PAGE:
I do not consider myself lazy. I think of myself as an Energy Conservative. I am saving my energy for sometime down the road when I may need it, and who knows when.

This, however, is not the opinion of the Gracious Mistress of the Parsonage. If there is a lazy bone in her, it has sprouted wings and flown away a long time ago. She works hard, which I do not mind, except she expects me to keep up with her.

I enjoy slouching around, busily engaged in doing nothing. I have become an expert in this, which has become more than a hobby with me.

Occasionally my wife will say, "What are you doing right now?"

To which I answer, "Nothing."

Her response is, "I thought so. Could you come and help me now?"

I guess everybody has their own definition of "nothing." To be sure, my wife's definition is not the same as mine. At this point, I am not quite sure who has the right definition.

Some people have the idea that if you are doing nothing, you are being lazy. I like to contradict that. Nothing and lazy are two different things. Don't ask me the difference because I'm not quite sure I could explain the difference, I'm just too lazy.

The best day of the week for me to be lazy is Monday. Weekends are always busy with church work and such that Monday is a wonderful time to chill out and unwind. Over the years, I have become an expert in this weekend recovery exercise.

I guess everybody is lazy to some degree. Again, it depends on your definition of lazy. Everybody needs an opportunity to relax a little and get ready for the next activity.

The Gracious Mistress of the Parsonage has a different idea about this. If you are up and it is daylight, you have to be working and doing something. "You can sleep tonight when you go to bed," is one of her famous sayings.

There are times when I wish I were living in Alaska, where they have about 67 days of night. Can you imagine sleeping for 67 days and actually doing nothing?

My wife would like the other time of the year in Alaska, where they have sunlight 24 hours a day.

A person should regulate his life and not be overwhelmed with anything, particularly work activity.

I'm not against work at all. I just do not want my work to interfere with those lazy moments so predominant in my life. I schedule my work around my laziness as much as possible.

After all, what is wrong with being lazy? I know, as my wife has reminded me, that there is work that must be done. Yet, there are times when we need to live above our work schedule. Or, maybe live below it, I'm not sure.

I try to take Monday's off and schedule nothing that day. I'm not always successful, I will admit. But it is not because I do not try.

We had come through six or seven weeks of work every day. Just when I wanted to take a day off something came up and I had a cancel my day off and focus on the work before me.

It was a Thursday afternoon and I came into the house, sat down in my chair and in a few moments found myself sleeping. Actually, my wife found me sleeping.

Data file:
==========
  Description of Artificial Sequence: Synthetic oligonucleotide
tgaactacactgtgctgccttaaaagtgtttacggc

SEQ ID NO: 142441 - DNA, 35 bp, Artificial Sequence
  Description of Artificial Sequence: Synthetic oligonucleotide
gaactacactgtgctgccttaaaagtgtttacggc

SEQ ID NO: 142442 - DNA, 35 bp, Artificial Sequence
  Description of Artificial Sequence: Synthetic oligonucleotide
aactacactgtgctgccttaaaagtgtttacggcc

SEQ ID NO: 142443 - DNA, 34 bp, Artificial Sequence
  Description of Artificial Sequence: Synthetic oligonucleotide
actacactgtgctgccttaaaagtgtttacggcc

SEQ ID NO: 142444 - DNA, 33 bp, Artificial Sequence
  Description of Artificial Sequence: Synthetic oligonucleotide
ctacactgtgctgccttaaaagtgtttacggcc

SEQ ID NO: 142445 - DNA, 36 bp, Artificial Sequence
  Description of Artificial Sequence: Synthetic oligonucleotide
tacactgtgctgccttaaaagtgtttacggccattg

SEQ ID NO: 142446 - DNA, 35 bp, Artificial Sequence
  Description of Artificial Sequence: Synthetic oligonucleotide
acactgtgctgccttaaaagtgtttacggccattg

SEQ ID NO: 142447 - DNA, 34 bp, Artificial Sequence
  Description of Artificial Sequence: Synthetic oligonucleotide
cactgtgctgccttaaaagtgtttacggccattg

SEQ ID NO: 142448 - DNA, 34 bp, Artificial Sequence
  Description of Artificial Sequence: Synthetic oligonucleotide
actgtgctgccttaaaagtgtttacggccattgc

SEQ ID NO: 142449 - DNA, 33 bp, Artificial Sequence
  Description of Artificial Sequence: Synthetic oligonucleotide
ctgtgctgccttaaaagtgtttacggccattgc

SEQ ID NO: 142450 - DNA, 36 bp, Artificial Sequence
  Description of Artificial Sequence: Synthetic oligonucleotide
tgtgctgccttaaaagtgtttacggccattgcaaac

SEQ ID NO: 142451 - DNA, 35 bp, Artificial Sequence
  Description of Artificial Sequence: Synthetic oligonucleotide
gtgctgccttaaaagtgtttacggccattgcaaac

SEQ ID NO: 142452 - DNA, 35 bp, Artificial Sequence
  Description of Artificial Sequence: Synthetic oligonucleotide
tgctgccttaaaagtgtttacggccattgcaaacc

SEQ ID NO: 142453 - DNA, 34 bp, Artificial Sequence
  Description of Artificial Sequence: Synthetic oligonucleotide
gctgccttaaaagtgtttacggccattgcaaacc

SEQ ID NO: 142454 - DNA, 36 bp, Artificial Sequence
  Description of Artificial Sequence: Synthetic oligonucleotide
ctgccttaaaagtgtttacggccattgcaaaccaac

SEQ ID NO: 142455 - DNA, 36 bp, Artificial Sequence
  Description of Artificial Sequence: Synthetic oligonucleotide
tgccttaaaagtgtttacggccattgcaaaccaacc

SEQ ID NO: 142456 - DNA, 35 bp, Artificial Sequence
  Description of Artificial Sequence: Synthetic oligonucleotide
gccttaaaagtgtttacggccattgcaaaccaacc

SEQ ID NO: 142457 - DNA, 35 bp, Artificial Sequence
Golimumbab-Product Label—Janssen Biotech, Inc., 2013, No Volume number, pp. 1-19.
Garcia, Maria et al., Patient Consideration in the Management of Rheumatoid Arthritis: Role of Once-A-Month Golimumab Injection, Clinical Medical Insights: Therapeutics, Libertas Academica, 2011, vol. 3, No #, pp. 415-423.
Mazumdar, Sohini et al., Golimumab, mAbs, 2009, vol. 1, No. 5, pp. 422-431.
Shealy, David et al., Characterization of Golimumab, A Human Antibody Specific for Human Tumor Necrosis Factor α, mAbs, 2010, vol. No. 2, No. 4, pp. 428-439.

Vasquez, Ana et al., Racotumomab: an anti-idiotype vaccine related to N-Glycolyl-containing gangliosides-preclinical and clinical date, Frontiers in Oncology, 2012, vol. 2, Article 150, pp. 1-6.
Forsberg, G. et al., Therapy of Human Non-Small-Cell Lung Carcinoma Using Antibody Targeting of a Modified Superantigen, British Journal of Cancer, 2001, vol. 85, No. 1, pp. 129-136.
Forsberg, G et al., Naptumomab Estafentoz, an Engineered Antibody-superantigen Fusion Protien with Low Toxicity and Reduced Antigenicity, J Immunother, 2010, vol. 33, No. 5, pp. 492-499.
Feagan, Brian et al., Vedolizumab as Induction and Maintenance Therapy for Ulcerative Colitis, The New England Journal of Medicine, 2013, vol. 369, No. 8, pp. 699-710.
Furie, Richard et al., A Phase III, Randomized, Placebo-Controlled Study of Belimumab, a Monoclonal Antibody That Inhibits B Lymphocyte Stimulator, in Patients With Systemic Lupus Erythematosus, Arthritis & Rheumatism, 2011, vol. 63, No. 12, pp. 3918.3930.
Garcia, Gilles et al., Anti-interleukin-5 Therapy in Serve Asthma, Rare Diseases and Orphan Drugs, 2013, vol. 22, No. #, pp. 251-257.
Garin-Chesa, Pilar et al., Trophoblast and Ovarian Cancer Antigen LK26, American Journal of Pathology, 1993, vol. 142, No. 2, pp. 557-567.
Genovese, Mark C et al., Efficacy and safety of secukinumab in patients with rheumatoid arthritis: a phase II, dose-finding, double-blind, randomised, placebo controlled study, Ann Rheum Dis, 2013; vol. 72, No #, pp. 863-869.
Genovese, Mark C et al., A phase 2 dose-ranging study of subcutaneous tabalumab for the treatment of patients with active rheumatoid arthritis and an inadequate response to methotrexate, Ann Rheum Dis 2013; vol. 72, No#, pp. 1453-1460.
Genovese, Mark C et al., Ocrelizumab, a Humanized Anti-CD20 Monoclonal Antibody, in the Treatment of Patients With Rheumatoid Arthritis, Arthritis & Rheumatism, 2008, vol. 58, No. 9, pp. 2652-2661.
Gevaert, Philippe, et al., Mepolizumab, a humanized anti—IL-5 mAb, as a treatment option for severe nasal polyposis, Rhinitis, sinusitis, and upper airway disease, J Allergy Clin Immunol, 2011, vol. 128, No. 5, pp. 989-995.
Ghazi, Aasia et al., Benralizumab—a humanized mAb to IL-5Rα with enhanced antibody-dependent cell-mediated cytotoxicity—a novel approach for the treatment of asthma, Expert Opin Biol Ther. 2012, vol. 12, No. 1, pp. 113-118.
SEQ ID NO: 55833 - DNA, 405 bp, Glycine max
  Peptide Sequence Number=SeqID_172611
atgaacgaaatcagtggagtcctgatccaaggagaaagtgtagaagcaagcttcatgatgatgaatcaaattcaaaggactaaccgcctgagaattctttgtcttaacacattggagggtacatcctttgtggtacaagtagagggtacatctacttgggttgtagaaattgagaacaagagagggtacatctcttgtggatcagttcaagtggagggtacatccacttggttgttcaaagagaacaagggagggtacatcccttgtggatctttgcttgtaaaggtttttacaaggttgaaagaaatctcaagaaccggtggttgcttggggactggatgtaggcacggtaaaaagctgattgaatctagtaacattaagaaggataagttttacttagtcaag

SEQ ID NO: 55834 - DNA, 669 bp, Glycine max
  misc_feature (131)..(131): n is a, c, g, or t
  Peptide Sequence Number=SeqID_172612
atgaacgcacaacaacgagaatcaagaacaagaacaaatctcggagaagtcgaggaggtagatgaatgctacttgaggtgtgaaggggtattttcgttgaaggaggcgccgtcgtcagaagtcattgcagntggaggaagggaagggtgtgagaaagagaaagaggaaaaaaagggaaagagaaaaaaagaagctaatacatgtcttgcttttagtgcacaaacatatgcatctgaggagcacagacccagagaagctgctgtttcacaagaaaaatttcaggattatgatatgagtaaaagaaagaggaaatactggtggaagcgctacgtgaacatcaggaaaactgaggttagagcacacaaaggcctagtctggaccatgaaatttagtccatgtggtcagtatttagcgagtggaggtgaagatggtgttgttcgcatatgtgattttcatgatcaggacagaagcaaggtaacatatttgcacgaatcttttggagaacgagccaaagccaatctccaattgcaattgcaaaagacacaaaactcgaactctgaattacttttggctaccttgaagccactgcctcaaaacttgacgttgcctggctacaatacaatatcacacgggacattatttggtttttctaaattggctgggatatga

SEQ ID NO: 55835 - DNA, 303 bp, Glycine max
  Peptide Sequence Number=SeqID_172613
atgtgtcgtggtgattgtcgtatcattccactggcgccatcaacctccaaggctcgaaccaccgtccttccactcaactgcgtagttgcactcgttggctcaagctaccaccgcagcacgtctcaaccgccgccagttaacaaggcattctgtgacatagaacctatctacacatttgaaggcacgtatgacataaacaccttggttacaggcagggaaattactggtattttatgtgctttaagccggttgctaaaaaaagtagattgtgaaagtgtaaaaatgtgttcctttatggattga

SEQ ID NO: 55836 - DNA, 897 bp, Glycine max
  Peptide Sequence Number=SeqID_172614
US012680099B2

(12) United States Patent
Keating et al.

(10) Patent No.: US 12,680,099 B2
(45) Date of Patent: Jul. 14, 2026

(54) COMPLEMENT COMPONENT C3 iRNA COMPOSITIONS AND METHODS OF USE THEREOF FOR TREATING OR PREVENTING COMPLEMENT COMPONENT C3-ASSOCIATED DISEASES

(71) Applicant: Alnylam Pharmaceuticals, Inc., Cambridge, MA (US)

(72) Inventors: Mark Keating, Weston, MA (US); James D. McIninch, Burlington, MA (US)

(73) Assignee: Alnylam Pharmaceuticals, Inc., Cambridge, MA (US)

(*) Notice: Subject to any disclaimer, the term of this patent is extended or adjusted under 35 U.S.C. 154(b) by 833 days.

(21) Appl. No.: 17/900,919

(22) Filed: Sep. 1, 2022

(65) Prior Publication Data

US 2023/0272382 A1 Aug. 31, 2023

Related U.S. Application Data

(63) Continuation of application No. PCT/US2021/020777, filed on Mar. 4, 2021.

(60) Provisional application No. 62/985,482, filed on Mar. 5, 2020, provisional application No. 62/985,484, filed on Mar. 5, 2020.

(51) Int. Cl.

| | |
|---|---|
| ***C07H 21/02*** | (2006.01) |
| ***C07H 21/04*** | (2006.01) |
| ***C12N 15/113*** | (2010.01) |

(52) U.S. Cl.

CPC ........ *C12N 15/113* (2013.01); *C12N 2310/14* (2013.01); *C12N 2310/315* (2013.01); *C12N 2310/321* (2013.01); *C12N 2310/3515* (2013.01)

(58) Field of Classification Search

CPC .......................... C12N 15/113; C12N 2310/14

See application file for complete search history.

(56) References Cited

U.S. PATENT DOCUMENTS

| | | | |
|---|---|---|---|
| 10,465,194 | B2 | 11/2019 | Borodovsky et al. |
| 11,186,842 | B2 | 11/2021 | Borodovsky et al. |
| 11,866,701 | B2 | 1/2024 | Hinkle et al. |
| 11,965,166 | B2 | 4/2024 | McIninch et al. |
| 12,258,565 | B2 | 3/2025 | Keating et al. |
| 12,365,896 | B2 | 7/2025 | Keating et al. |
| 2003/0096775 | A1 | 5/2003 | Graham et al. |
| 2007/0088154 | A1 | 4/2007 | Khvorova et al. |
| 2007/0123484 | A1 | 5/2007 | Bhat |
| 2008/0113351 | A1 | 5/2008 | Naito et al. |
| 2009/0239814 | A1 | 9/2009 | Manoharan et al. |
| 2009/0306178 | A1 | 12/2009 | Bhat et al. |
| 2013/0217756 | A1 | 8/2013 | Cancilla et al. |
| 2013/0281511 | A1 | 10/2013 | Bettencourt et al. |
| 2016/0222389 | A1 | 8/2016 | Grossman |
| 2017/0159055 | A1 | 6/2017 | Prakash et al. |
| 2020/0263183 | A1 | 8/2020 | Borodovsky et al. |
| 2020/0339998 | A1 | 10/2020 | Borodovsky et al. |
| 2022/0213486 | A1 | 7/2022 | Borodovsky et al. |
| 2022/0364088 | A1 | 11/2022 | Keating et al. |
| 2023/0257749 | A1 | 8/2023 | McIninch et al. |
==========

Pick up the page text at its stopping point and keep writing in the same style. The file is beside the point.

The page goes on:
"You're not sleeping?" she asked.

It startled me and I woke up and saw her there and gently said, "No, my dear. I was praying for you and the kids and the grandkids."

She smiled very graciously and said, "Okay, that's quite all right, keep praying."

I was so excited that I got something over on her that I could not go back to sleep. I was so glad that it worked. I plan to use that ploy in the future.

Several weeks ago, we had a very busy weekend. Not only church programs but also other activities that took up most of Saturday. Come Monday morning I was completely worn out. I said to myself as I got out of bed, "I'm going to practice my lazy exercises all day today."

I went out, sat in my chair and just relaxed. It felt so good. Being lazy has a good feeling to it at times. Of course, only people who work hard can appreciate those lazy moments. I was appreciating my lazy moment.

I then heard the front door open and in came my wife who had been shopping for groceries. She looked at me and said, "You're not still in that chair doing nothing, are you?"

I could not use the prayer strategy because my eyes were open watching TV. Looking at her with a grin all over my face I said, "I'm exercising my lazy rights. After all, it is Monday."

She smiled back, went into the kitchen and began putting away the groceries. I leaned back in my chair and said to myself, "Isn't lazy something special!"

It was then that I thought about a verse in Genesis. "And on the seventh day God ended his work which he had made; and he rested on the seventh day from all his work which he had made" (Genesis 2:2).

Even God ended his work and rested one day during the week. He is my example.

Dr. James L. Snyder, pastor of the Family of God Fellowship, lives with the Gracious Mistress of the Parsonage in Ocala, Florida. Call him at 352-687-4240 or e-mail jamessnyder2@att.net. The church web site is www.whatafellowship.com.